Class 110'15 used this activity during the session on Resilience
Y1s to be split into their support groups for the station games
[...] → DO NOT tell the Y1s whatever is in these brackets
The group will be given a deck of cards. Using the cards, they have to make the tallest structure possible. [When the Y1s are nearly complete, PSL manning the station is to blow down the structure]
The group will be given a certain number of rice grains. The group will have to count the number of rice grains and tell the number to the PSL at the station. [PSLs will try to mess up the Y1s’ counting by messing up the grains or shouting out random numbers. Once the Y1s are done counting, even if the number they give is correct, PSL should tell them it is wrong and make them start over.]
The group members will each be given a pair of chopsticks. The group will then be given one ping pong ball, and they have to line up in a straight line. Their objective is to pass the ball from one end of the line to another using the chopsticks without dropping the ball. If they drop the ball, they will have to start over from the first person.
The group has to play a game of Jenga. However, instead of removing one block, they have to remove two blocks at a time. If the tower falls, the group has to rebuild it. [SPSLs to scare the Y1s when they are removing blocks]
Classic 102'12 used this game for the session on Resilience.
The group will be standing on a tarp. The objective is to flip the tarp over without anyone stepping off the tarp. They will not be given any time before the game to strategise. During the game, only one person will be allowed to speak at any one time; anyone who wants to speak must raise their hand first. If more than one person speaks at any one time, or anyone steps off the tarp, the students will have to start all over again. (They will have to play the Rearrangement Game again; they will be given a different requirement to arrange themselves according to from what they were given the first time)
Here's what they said after conducting the game: "I really liked the activity because it provided an appropriate level of challenge. (they have to start over) However if classics want to do this, they must take note of the venue --- we did this in the classroom, and it was squeezy! I suggest doing this maybe at the Koi Pond :)"
102'12 Classic used this game for the session on Resilience.
The group will have to stand in a single row, arranging themselves according to the requirement given. (i.e. birthday- the oldest person at the front and the youngest at the back)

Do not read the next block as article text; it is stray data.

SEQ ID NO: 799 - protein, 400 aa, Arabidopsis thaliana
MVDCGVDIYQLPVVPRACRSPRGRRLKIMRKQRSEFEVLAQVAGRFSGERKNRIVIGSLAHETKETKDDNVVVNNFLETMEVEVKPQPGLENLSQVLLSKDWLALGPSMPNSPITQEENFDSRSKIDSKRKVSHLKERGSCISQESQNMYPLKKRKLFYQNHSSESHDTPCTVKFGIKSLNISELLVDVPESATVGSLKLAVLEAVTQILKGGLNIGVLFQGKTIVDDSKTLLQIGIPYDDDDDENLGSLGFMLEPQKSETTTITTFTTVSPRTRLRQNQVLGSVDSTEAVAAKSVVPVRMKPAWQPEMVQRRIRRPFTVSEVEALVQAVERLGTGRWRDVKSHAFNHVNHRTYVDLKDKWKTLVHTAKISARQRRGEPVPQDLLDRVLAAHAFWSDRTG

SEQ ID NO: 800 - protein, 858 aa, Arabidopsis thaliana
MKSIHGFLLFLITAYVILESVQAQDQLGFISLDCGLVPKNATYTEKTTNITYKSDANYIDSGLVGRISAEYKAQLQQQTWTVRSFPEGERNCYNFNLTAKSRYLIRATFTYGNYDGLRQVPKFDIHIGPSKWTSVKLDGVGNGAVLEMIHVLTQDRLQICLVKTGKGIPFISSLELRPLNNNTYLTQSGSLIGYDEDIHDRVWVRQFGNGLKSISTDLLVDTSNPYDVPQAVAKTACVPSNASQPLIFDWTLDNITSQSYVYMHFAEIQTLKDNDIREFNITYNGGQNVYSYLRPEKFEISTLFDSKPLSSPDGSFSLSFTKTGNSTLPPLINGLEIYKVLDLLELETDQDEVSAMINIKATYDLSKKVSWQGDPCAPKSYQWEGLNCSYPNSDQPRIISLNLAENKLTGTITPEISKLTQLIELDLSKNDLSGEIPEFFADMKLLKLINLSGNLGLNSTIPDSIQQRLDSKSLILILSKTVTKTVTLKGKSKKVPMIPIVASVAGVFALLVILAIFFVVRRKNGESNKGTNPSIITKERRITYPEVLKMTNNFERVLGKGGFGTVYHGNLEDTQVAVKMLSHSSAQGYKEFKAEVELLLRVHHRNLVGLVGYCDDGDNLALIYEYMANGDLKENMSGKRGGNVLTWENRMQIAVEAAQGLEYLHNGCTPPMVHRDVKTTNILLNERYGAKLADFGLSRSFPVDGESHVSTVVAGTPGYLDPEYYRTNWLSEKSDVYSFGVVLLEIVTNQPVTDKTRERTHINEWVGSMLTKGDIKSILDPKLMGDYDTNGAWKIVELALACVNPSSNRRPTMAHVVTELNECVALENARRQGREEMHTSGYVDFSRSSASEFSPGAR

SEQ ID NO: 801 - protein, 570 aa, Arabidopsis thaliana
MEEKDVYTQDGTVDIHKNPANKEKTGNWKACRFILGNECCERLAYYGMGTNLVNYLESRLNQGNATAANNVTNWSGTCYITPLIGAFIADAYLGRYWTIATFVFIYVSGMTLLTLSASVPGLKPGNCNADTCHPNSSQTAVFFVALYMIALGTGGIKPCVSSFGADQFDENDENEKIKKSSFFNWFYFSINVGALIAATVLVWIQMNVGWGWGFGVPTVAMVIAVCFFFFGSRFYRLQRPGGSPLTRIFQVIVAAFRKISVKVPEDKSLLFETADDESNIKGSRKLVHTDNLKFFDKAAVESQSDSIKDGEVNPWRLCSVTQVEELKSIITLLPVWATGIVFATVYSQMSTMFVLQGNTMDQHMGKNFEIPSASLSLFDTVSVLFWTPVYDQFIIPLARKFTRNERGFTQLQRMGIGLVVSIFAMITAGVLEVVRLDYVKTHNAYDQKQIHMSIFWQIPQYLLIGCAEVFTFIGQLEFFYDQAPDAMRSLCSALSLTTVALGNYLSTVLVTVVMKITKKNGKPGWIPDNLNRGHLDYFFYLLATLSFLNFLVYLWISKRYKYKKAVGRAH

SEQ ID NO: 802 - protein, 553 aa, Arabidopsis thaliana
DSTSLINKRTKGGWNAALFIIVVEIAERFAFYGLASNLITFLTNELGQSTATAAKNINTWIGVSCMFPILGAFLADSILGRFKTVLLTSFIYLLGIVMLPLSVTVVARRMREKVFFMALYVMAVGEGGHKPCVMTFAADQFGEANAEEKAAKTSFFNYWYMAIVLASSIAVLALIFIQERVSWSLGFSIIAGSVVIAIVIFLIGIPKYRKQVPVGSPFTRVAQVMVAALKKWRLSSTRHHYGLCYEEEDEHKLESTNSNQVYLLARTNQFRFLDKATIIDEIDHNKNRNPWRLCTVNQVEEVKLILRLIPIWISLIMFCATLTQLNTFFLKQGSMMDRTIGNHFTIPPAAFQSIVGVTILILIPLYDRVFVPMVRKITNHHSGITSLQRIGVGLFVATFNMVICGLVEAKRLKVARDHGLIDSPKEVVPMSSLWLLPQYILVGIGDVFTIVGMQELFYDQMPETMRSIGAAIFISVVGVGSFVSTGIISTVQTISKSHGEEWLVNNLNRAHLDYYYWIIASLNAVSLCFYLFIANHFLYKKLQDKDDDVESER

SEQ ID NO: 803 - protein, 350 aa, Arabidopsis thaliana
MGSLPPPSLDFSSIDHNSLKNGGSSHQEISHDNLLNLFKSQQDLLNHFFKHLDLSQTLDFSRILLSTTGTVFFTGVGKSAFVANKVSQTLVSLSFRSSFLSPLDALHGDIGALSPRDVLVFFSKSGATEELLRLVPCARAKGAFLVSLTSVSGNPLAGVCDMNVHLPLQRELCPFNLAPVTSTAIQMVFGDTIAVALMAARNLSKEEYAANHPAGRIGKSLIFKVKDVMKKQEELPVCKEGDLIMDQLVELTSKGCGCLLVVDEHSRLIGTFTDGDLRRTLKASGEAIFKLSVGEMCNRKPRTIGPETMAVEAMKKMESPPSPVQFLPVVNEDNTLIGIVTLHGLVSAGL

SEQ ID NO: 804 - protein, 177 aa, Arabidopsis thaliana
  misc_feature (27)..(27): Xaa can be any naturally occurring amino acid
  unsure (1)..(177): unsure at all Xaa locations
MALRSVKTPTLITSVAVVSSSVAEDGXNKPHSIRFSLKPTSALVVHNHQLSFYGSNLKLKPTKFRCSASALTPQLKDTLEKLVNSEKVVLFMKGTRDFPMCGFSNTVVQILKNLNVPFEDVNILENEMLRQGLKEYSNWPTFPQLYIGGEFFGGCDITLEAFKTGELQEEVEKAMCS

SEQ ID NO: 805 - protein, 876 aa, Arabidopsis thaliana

They will not be allowed to speak during this activity, thus will only be able to communicate through hand signs.
If anyone speaks, the requirement will be changed (eg. shoe size, primary school alphabetical order).
After they have arranged themselves, PSLs to check if the order is correct.
If the order is wrong, the students will have to start all over again)
Classic 107'12 used this during the session on Resilience. It was a great way to get those quieter ones to speak up.
Pre session preparation
-PSLs to paste the quotes on resilience in the classroom before PSL session, and take note of where they placed the notes
During the session
- PSLs to inform the class that as they should have noticed, there are 13 wallet-sized quotes pasted all around the classroom. They are to hunt for the quotes and when they have all 13 quotes, they are to give sheets of paper to the PSLs.
-PSLs will get 13 preselected people to read out the quotes and show them to the class. (PSLs will call our their register numbers as those it was by random choice)
- PSLs will ask the Year 1s what they think the quotes are about, then ask them what they think the topic for the day is.
Classic 103'12 introduced this board for their class during the session on Resilience.
PSLs are to provide post-its for the Y1s and they are to write an encouraging message for their class which will be pasted on a board design by their PSLs saying “NEVER SAY NEVER!”
This board will be pasted on the back of their class on the wall so that whenever Y1s are facing difficulties or struggles the board can be a reassurance to them that they have some one to rely on and that they should not give up so easily.
From the classic: "I felt this was a really good idea, the board turned out really well and pretty, and it was filled with beautiful words from the class encouraging one another. It was left to be displayed at the back of the class and I think it was really nice to read and look at. The Y1s seemed to enjoy doing the board up as a class as well. "
104'12 Classic used this activity for Peer Support. The activity may seem simple but the hoop will really go up!!
Classic 104'12 read this inspiring poem on Resilliance to their class. If the poem is too long, you can choose certain paragraphs to read too.
This inspiring video of Nick Vujicic (man with no arms or legs) was used by Classic 104'12 and 112'13 on the topic of Resillience. It's a must watch, even for us PSLs :)
Used by 110'12 Classic during their session on Resilience.